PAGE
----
Download and install updates from short list

To download updates from the short list you can use this line pacman -Sw --noconfirm --needed $(/full/path/to/ShortListUpdates.sh).

You will need to add only a power check before continue with installation of updates.

yes | pacman -S --noconfirm --needed $(/full/path/to/ShortListUpdates.sh)
systemctl daemon-reload
sleep 2

If you will use a GUI notifier then you may want to use this part in the begin of the update script if updates runs after reboot and user comes to log in screen(Display manager). Be careful with the sleep timeout if too low it might freeze the screen. The notifier will be shown even on the login screen that will probably make user wait until updates are finished or after user logged if you will set sleep timeout too high and user logged in before script started.

sleep 5
if [ "$(pgrep X -c)"  != "0" ]; then
export DISPLAY=:0
export DISPLAY=:0
startx "$0"

You may also will make it remove unnecessary locales for spell check in e.g. /usr/include/hunspell, /usr/lib/aspell-0.60 or any other that contains unnecessary files that created after update or install of packages.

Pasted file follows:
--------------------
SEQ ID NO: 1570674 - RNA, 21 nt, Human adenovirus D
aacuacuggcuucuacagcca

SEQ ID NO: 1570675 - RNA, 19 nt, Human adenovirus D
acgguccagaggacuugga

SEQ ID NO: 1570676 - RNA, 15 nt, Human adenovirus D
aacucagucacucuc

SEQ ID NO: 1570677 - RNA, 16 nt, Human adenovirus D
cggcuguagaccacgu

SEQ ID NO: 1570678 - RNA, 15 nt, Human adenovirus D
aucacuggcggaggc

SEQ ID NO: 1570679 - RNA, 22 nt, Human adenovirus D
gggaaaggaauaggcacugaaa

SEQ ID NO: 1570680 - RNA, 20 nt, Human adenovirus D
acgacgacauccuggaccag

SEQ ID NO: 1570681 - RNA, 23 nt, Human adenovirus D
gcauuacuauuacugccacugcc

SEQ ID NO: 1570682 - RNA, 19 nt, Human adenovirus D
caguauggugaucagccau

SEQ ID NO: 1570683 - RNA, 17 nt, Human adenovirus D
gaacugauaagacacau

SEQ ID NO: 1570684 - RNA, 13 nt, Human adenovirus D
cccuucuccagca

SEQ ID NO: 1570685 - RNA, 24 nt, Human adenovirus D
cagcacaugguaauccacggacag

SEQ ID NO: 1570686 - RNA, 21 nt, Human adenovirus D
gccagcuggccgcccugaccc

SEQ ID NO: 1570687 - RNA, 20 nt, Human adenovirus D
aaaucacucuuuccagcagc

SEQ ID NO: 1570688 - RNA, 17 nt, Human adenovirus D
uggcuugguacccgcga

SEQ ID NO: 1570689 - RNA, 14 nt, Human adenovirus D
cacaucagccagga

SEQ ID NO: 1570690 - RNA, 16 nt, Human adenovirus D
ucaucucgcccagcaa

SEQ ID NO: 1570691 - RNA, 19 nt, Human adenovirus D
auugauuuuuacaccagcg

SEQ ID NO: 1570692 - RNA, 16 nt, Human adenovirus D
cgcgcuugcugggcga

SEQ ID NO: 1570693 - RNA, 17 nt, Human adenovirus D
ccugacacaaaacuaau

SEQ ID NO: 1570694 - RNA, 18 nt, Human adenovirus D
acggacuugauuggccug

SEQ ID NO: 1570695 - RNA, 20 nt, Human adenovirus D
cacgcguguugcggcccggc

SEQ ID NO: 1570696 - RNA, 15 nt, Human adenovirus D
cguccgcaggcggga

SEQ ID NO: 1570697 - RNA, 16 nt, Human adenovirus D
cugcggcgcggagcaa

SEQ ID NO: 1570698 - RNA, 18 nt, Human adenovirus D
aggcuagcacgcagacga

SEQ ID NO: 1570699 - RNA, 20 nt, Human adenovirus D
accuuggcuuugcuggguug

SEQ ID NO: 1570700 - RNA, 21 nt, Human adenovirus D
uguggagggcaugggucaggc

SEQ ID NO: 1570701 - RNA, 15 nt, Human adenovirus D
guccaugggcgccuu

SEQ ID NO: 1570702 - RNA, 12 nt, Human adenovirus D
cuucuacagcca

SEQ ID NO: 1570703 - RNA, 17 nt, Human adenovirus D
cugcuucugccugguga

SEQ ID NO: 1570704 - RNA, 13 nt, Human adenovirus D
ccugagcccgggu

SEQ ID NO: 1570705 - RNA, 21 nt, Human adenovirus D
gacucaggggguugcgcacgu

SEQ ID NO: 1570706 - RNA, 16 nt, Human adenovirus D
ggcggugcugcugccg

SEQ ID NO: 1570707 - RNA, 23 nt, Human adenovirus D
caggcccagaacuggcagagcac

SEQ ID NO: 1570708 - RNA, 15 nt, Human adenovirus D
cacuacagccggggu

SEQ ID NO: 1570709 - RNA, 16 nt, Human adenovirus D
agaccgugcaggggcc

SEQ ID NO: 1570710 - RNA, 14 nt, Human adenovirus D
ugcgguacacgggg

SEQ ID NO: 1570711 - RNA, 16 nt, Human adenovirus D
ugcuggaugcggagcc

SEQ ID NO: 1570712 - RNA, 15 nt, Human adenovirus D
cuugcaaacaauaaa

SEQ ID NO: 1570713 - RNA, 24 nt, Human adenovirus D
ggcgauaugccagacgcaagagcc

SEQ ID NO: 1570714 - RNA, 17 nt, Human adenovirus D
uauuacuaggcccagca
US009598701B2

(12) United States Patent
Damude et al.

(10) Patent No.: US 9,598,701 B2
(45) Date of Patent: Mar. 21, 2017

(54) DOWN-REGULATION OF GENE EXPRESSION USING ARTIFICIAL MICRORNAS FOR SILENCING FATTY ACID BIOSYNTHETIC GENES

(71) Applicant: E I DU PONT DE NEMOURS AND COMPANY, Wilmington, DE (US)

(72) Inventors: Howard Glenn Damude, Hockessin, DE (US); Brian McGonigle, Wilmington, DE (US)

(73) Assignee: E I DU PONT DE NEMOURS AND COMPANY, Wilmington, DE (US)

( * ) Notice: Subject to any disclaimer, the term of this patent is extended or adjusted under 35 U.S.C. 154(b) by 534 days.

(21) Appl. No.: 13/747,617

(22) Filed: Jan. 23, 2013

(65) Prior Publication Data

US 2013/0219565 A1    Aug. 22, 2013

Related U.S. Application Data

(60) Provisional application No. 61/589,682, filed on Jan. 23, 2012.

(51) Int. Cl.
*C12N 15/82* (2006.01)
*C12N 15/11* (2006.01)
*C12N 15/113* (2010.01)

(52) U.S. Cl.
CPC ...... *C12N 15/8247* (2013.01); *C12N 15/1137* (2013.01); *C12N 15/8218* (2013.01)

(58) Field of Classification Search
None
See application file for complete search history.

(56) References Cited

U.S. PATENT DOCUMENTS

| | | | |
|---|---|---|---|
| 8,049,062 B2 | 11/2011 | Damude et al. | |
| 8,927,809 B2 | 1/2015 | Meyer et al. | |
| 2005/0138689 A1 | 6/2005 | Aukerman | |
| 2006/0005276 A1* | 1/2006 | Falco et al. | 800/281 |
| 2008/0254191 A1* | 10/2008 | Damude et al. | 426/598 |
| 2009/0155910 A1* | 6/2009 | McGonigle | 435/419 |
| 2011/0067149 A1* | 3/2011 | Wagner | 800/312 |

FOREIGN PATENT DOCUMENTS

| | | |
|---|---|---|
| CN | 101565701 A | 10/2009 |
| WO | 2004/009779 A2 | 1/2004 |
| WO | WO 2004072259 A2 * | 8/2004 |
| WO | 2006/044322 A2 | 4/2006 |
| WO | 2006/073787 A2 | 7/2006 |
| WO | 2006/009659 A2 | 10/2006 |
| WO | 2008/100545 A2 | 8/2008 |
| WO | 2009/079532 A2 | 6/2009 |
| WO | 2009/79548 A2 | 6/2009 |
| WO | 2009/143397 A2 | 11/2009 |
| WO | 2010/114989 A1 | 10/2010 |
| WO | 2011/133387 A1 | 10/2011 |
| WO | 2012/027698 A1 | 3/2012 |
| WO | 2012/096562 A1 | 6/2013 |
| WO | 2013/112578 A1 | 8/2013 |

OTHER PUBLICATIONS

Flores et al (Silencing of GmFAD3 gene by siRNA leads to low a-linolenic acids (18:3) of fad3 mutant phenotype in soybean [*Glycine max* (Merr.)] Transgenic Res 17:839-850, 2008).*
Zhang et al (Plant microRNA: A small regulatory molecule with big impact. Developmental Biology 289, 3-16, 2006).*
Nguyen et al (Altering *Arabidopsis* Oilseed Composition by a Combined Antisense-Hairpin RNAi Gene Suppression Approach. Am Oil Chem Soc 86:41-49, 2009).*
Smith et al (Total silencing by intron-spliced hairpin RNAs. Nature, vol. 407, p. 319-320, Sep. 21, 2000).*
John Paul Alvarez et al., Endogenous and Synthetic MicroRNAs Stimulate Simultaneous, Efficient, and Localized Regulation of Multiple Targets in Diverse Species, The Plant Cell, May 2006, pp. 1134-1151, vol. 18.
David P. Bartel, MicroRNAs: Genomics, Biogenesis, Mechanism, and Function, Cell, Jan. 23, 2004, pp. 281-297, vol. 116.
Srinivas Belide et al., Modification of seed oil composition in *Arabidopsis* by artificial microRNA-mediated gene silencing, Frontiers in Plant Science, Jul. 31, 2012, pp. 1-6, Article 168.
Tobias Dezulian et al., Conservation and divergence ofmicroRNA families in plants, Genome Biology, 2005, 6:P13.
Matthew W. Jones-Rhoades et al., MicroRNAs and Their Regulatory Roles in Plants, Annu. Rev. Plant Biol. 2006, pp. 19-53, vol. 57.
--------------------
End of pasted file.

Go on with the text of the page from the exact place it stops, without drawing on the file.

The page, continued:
In the crone you can schedule installation of updates from a short list on each boot by using in crontab:

@reboot /usr/local/bin/update
Note: You can also make it copy the update-downloading scripts to /tmp to minimize disk usage because the /tmp is using RAM for storage of files.

Download and install at night

If user will leave computer powered on at night then this example could be used to download and install after computer become idle for a some time to be more sure that user will not interrupt.

..............# Battery and connection safety checks
yes | pacman -S --needed $(pacman -Ssq openjdk | grep -v -e doc -e src)
  if [ $(ifconfig | grep ^ppp -c)  != "0" ];then
    pacman -Suw --noconfirm
    pacman -Qq --native  | pacman -Sw --needed -
yes | pacman -Su
if [ "${?}" != "0"  ];then beep -f 100 -l 1000 && zenity --warning --text="Ett problem har uppstått. Kontakta Admin!"
if [ -f "/var/lib/pacman/db.lck"  ];then zenity --warning --text="Databasfilen är skadat eller används: /var/lib/pacman/db.lck";fi;
exit 1
BkupDate=$(date '+%A-day_of_the_week-%u')
pacman -Q --native > /opt/.alt_db_bkup-"${BkupDate}"
date >> /opt/.alt_db_bkup-"${BkupDate}"
systemctl daemon-reload
sleep 2